My Kid is Struggling and I Don’t Know What to do

As a parent of four I felt like at any given point in time one of my kids was  struggling.  School work, peers, an emotional breakup, a teacher that didn’t seem to like them, or even just being in a sour mood where nothing was the way they thought it should be wreaked havoc in our home.  Then there was the “I want” when my husband and I didn’t feel the request was in the budget or a good idea; and the “you never” or “you always” spoken in a fit of anger that made me feel like a terrible parent.

Even if we’ve been a really good parent and the lines of communication are typically open, the frustration our kids are experiencing will  spill out onto us.

And what do we want to do?  Fix it, of course.

And a lot of us, especially moms, pick up the stress.  After all, we don’t want our kids to hurt.  We don’t want them to have to experience life’s hardships.  We want them to sail through life with success.

But do we?

Think about it.  If our kids are struggling while they are living under our roof and they are dumping their emotional buckets on us, then we have been chosen (by them) to be a safe place.  They know we love them and will be there for them.  Some kids just need to vent.

The good news is that we are in a position to help them learn to deal with stress.  We can impart our coping skills (if we’ve learned them ourselves) and coach them through ways to reduce the stress and look at their life circumstance from a different perspective.  We can be there to give them a hug, a life story where we learned something similar, and show them that they will survive.

The question is, as a parent, will we survive?  After all, they’ve just spewed all over us.  They’re crying.  Or screaming.  Or saying things that are not on the list of vocabulary words that are allowed in our house.

And we have to make a choice.

How are we going to handle the load they just dumped on us?  How do we handle the emotion that wells up in us?  How do we shut down the fears that rear their ugly head as we look at this situation in light of our kid’s future?

Several years ago I had a friend who was really struggling with her daughter as was I with mine.  We’d usually walk and pound out our frustrations on the pavement as we poured out our disbelief at where our daughters were in the choices they were making.  Tears would stream down both our faces and then one of us would say something to ease the tension that would make us both laugh.  It was healing for both of us.

Thinking back to that friendship and the process we both went through as we carried the struggles of our teens, I discovered that as parents we need some coping mechanisms ourselves and a plan to help our kids move forward.  It is through these times of stress for our kids that we can actually make the relationship with our kids stronger if we think about the situation with a perspective of opportunity rather than something to fix.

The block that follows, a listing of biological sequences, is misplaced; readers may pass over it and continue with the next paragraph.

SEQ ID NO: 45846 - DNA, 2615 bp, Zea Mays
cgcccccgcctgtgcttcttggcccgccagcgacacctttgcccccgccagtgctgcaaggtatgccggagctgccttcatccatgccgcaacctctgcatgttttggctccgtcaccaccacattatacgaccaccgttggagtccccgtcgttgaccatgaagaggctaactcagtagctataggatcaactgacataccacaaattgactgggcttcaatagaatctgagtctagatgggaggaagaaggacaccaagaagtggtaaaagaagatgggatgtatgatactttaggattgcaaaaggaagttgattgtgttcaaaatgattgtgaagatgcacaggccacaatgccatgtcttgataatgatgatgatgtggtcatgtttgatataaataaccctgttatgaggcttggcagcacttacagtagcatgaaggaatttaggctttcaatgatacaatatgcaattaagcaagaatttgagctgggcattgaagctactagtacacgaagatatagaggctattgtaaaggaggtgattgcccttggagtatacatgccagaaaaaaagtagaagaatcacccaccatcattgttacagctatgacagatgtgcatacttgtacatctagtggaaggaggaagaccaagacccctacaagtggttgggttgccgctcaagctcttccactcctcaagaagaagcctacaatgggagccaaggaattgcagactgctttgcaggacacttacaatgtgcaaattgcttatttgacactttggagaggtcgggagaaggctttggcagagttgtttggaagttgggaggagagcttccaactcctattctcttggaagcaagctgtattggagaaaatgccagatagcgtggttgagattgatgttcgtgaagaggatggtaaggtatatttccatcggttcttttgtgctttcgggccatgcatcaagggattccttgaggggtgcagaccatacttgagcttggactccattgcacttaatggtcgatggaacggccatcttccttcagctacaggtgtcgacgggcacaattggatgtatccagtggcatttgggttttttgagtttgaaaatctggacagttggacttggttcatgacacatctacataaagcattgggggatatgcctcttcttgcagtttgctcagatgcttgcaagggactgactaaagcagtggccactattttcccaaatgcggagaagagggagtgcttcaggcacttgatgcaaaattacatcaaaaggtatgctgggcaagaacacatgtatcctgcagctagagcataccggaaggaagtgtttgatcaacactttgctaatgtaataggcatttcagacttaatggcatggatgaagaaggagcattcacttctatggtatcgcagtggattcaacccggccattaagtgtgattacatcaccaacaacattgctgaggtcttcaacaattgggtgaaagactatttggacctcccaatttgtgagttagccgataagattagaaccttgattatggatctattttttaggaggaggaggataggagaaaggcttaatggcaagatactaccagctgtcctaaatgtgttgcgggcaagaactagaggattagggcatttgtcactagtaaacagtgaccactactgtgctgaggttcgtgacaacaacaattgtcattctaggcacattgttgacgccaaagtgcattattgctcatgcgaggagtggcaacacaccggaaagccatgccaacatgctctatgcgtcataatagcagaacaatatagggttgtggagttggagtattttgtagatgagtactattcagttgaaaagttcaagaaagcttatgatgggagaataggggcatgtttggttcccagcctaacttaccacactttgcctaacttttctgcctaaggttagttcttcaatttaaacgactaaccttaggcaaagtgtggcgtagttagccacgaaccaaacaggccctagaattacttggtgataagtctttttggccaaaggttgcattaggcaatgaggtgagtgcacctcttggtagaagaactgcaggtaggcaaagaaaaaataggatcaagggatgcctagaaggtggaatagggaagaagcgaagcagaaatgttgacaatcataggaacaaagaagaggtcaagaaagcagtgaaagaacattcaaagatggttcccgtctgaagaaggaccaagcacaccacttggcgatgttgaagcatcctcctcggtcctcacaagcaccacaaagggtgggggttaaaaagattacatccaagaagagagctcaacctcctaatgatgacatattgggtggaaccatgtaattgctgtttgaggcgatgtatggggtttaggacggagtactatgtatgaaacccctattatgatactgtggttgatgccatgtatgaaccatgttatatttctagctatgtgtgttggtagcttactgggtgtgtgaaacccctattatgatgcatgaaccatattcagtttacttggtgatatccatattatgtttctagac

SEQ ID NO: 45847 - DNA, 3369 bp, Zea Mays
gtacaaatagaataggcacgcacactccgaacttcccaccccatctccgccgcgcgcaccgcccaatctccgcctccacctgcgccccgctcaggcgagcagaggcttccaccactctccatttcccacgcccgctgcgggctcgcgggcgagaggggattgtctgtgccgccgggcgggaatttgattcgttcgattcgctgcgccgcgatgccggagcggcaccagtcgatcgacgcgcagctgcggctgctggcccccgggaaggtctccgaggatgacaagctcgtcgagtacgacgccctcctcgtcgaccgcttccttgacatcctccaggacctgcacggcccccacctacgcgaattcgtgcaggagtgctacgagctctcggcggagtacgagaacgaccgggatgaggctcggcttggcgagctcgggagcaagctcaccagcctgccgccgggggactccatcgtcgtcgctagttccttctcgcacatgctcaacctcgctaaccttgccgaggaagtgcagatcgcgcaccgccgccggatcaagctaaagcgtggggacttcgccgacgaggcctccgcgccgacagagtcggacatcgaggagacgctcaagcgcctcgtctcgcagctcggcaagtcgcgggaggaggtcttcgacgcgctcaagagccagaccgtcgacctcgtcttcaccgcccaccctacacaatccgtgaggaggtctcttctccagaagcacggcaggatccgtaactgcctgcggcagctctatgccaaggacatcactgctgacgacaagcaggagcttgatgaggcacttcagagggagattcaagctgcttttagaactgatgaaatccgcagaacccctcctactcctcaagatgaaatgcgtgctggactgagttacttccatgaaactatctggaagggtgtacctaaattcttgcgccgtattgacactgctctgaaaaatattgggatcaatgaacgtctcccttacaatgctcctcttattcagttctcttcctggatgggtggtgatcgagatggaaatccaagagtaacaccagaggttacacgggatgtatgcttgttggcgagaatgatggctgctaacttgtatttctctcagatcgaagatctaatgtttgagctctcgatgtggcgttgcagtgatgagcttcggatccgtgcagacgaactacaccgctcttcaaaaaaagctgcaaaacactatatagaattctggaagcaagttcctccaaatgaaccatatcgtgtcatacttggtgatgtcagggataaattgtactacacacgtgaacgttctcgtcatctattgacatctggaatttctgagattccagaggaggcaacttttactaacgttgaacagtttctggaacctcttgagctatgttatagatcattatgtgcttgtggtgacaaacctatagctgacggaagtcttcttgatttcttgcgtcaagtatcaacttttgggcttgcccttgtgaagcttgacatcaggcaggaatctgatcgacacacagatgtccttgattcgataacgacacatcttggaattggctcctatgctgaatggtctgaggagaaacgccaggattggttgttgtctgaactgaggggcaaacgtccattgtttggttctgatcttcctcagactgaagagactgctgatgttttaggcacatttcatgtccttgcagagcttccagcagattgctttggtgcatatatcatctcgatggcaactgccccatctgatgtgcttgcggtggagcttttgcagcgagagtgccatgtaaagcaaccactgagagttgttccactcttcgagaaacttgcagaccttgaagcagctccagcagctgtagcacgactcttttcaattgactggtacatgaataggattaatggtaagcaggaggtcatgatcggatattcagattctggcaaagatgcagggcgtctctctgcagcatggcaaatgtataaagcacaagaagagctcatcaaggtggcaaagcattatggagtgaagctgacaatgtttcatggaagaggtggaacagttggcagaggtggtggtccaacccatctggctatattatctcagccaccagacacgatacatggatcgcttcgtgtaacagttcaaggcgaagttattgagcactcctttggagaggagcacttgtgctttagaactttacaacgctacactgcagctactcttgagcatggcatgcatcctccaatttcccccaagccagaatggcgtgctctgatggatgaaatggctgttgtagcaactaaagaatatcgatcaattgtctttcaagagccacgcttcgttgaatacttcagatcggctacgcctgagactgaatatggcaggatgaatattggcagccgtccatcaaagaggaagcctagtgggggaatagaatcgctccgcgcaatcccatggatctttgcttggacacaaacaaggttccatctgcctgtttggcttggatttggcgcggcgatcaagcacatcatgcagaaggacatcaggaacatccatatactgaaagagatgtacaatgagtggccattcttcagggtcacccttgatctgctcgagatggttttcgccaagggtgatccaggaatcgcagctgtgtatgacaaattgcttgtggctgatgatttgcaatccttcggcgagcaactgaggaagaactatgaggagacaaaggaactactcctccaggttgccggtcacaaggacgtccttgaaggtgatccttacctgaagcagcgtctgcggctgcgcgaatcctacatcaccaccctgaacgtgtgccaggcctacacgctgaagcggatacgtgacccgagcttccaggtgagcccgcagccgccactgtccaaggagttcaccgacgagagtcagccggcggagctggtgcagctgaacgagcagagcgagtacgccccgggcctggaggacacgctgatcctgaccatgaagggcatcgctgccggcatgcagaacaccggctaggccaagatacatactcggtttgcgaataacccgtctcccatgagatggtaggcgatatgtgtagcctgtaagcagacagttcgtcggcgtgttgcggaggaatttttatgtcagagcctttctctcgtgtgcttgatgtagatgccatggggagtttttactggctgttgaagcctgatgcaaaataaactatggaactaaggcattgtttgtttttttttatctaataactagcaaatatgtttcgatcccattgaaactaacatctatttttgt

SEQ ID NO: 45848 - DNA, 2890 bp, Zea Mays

So what can you do?

  1. Don’t react in the moment.  This is easier said than done.  When our kids are worked up and dump whatever it is on us, our tendency will be to respond in a similar manner.  Better communication will take place when emotions are calm. 
  2. Just breathe.  The best way to reduce our stress is to do some deep breathing.  Slowly inhale in, hold it, and slowly let it out.  Take note of your surroundings and just be in the moment of breathing.
  3. Take inventory.  Observe what you are feeling and why.  
  4. Normalize the feelings.  “Of course I feel stressed.  My teen’s anger and stress was just dumped on me. It is understandable that I am hurting with them.”
  5. Own what is yours to own.  This is really difficult for some of us.  Recognizing that this is our teen’s struggle without making it our own can be an emotional tightrope.  “This is their struggle.  I am here to help  walk through it with them, not to make it my problem.  My role is not to carry their hurt but to help them work through the situation and their emotion.”
  6. Pray.  This is where we ask God to help us take away our own overwhelming emotion and not give way to our fears.  We should also ask Him what your child needs in this circumstance.
  7. Interact with your child after their emotions have calmed.  Assure them that their emotions are normal, share a story of when you’ve encountered a similar circumstance and how you handled it.  Let them know if it went well or poorly.  Then brainstorm options letting them make suggestions on how they might handle the thing with which they are struggling.  And be sure to ask permission to share any suggestions you might have to offer.
  8. Give them a hug.  All of our kids have a particular way in which they receive love.  This is an opportunity to fill their emotional tank since stress will deplete it.  Do they need affection?  Encouragement?  Acceptance in knowing you were a safe place to dump their emotional bucket?  An appropriate funny story?  Or maybe just time to do something fun together?  Whatever your teen needs in the moment will help solidify your relationship.

John 16:33

“I have told you these things, so that in me you may have peace. In this world you will have trouble. But take heart! I have overcome the world.”

Joshua 1:9

  “Be strong and courageous. Do not be afraid; do not be discouraged, for the LORD your God will be with you wherever you go.”

“Let go…and Let God”,

 

 

 

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